In conflict-ridden COVID-19 communication, there was an oasis of agreement — nursing homes.

Keeping COVID-19 out of these facilities where it had a tendency to run fatally amok was something just about everyone agreed on.

Not to say this oasis of agreement was politically peaceful — the Democractic-led decision to house recovering COVID patients in congregate care settings drew Republican fire. But that’s because nursing homes and their vulnerable residents were places where no one, no matter who one voted for, wanted to take chances.

We will need to draw upon this oasis of agreement to stem the flow of a bad situation getting worse.

Federal data shows a plummeting nursing home workforce in Michigan — down 18 percent, or nearly 8,000 workers, since 2014. Resident numbers dipped, too, but only by 7 percent, according to recent Bridge Michigan reporting.

The worst drop happened, not coincidentally, with the start of the COVID-19 pandemic, as workers worried about exposing themselves and their families.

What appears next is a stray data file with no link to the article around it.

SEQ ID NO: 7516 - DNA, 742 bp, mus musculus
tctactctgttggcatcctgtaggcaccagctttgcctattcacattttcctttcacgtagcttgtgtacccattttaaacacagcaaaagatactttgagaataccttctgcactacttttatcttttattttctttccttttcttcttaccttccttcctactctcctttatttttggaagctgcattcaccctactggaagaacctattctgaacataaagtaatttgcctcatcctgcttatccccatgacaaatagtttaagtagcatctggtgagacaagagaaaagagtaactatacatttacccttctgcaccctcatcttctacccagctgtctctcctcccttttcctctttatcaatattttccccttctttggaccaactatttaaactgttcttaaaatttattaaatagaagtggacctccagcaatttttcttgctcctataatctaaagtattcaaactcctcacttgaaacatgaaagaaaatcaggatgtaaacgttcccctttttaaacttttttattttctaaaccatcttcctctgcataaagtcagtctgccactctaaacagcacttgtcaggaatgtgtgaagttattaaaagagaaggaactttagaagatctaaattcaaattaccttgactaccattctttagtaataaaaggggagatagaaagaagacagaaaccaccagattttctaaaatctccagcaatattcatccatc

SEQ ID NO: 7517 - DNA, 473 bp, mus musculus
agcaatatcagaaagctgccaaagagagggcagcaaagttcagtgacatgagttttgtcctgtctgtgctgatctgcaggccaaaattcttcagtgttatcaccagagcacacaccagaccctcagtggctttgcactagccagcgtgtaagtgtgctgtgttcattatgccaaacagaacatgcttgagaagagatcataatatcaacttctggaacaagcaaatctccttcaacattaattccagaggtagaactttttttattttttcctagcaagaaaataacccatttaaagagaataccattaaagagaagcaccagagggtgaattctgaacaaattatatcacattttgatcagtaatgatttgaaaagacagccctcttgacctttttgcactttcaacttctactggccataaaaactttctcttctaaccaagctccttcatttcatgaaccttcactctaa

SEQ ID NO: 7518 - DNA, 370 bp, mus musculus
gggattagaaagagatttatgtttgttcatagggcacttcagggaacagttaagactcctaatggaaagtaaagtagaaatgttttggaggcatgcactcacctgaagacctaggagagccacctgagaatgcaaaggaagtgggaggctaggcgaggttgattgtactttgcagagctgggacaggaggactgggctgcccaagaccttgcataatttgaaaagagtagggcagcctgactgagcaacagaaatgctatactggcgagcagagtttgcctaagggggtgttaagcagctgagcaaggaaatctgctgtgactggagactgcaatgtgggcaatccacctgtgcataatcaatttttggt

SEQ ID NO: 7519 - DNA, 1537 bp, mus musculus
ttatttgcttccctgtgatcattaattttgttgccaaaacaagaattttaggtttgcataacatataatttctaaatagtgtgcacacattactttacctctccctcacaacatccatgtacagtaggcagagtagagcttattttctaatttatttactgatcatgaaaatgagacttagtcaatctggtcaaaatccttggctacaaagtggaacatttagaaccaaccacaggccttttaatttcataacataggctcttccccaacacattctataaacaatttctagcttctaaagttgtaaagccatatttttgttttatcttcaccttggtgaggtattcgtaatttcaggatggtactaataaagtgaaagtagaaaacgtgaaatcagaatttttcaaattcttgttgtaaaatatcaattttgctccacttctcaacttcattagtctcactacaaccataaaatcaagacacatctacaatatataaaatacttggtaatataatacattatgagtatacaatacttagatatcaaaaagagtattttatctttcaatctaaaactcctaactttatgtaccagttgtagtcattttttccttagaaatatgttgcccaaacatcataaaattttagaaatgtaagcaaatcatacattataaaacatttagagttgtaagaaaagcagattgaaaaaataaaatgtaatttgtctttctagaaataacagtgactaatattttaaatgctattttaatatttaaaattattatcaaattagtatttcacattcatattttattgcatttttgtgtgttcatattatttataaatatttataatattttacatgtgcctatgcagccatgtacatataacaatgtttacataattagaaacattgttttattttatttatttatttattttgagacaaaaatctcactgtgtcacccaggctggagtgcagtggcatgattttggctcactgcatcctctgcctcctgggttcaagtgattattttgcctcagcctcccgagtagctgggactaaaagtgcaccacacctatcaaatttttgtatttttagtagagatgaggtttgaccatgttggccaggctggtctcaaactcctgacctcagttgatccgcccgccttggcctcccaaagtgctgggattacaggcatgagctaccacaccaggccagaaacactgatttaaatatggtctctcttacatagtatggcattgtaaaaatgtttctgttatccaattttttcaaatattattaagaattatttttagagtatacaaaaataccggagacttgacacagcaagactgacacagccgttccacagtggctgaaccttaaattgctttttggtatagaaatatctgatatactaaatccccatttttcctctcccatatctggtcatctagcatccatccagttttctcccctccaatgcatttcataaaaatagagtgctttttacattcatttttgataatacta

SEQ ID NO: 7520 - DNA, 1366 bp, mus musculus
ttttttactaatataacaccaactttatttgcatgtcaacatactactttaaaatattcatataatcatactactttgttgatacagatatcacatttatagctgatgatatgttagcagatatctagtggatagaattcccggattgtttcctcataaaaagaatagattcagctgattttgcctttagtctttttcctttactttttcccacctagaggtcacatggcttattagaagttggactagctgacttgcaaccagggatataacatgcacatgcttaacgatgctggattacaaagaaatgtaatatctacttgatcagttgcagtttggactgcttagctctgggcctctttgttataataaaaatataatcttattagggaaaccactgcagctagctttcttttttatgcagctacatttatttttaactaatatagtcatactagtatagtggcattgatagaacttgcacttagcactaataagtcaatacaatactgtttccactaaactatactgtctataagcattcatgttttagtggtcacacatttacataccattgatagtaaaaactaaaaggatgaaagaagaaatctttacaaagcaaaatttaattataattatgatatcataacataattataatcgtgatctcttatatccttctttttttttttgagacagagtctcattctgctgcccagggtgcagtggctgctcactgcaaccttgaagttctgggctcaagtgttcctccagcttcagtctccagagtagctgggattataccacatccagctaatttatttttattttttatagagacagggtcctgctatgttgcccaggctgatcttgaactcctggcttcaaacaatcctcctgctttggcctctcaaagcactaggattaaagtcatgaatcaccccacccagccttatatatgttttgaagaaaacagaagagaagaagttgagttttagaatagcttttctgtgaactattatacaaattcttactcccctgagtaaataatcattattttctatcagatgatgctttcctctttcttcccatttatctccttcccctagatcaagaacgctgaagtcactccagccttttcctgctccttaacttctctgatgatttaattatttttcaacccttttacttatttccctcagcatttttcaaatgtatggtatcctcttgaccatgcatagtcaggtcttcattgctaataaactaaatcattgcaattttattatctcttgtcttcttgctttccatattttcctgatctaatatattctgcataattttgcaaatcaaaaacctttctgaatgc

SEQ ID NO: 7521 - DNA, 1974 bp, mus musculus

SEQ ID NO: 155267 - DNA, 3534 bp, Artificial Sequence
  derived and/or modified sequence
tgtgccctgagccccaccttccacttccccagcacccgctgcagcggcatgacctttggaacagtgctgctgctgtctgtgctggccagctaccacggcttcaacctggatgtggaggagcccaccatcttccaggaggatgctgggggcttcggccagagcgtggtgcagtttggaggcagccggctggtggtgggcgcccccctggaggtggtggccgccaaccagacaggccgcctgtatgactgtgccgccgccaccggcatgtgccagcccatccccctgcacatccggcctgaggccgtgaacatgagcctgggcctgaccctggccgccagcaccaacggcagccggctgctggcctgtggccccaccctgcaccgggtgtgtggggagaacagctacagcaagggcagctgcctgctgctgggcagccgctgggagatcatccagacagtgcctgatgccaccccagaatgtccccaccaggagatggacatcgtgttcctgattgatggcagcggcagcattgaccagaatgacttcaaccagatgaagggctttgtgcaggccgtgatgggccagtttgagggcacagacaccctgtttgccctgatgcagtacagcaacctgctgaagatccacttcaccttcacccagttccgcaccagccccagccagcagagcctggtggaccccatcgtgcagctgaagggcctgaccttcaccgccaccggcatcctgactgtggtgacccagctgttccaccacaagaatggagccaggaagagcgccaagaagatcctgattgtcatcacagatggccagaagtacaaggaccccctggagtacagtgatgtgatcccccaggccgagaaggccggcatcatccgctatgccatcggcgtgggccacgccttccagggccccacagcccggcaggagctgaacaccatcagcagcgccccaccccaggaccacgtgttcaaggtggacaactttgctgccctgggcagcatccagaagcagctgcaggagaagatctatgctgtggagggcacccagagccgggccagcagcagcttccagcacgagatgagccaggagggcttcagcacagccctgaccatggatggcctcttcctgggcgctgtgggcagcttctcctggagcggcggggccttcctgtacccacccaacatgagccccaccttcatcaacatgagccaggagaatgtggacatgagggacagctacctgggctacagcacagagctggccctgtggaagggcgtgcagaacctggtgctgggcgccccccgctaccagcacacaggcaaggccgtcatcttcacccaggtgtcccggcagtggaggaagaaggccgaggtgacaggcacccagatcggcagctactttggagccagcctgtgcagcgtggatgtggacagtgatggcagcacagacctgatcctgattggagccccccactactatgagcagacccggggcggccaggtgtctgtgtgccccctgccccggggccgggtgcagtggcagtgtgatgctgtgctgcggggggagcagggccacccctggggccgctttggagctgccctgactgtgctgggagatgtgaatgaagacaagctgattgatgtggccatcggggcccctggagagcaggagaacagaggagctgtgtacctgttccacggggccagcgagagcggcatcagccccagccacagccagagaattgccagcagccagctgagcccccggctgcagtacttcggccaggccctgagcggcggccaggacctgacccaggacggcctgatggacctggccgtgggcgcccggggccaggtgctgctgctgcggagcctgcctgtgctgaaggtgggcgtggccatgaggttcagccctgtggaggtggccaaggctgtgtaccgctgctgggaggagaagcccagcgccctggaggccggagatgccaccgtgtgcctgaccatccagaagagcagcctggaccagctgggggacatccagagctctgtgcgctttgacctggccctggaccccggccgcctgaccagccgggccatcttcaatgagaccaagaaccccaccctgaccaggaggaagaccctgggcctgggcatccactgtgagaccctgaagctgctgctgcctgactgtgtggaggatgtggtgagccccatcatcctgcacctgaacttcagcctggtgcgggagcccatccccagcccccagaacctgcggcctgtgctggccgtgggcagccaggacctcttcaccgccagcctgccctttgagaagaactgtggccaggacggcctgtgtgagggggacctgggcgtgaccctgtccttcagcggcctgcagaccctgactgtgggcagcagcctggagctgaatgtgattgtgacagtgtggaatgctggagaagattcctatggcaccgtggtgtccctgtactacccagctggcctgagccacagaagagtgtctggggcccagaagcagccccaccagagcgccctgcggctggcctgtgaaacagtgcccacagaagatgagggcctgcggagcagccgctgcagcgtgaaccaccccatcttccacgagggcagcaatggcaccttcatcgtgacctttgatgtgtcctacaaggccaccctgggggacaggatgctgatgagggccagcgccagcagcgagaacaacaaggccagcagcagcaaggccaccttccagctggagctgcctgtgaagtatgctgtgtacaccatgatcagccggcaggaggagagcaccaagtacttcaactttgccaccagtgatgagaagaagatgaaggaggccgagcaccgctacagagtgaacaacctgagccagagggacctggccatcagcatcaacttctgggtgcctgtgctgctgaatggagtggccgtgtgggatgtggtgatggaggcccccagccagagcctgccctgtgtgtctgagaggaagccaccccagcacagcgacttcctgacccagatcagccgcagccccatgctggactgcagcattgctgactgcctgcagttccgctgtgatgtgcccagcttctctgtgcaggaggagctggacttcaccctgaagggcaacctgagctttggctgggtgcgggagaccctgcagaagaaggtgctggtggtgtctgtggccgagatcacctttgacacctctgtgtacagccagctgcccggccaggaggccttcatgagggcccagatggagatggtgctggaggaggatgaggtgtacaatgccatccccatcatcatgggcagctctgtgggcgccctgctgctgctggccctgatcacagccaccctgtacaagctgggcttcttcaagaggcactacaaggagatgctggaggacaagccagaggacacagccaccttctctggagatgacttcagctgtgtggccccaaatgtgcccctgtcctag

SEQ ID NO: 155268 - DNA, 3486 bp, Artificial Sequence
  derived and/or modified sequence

According to state long-term care numbers (self-reported by the facilities) 4,437 residents and 57 staff members of Adult Foster Cares, Homes for the Aged and Skilled Nursing Facilities died with COVID-19 through Dec. 8.

In a weird opposite-world-flip now common in the pandemic, workers now are quitting because of vaccination policies, administrators told Bridge reporters.

The current vaccination rate among nursing home staff is 66 percent, placing Michigan in the bottom ranks among Ohio, Oklahoma and Montana.

For those who remain, the extra workload and navigating pandemic precautions only increases the squeeze — and unfortunately, the state-boosted $2.35/hour bump wasn’t the juice that was hoped.

“Arguments flare up,” Lisa Elliott, a certified nursing assistant at Regency at St. Clair Shores, told Bridge. “People are burnt out. They’re tired … We’re lashing out at each other over little things.”

We need to figure out a solution, quickly. And we think that the solution can and should be a bipartisan effort that starts with the consensus that already exists.

Because we know nursing home work is hard enough on a good day, and what COVID-19 can do to our state’s vulnerable residents.

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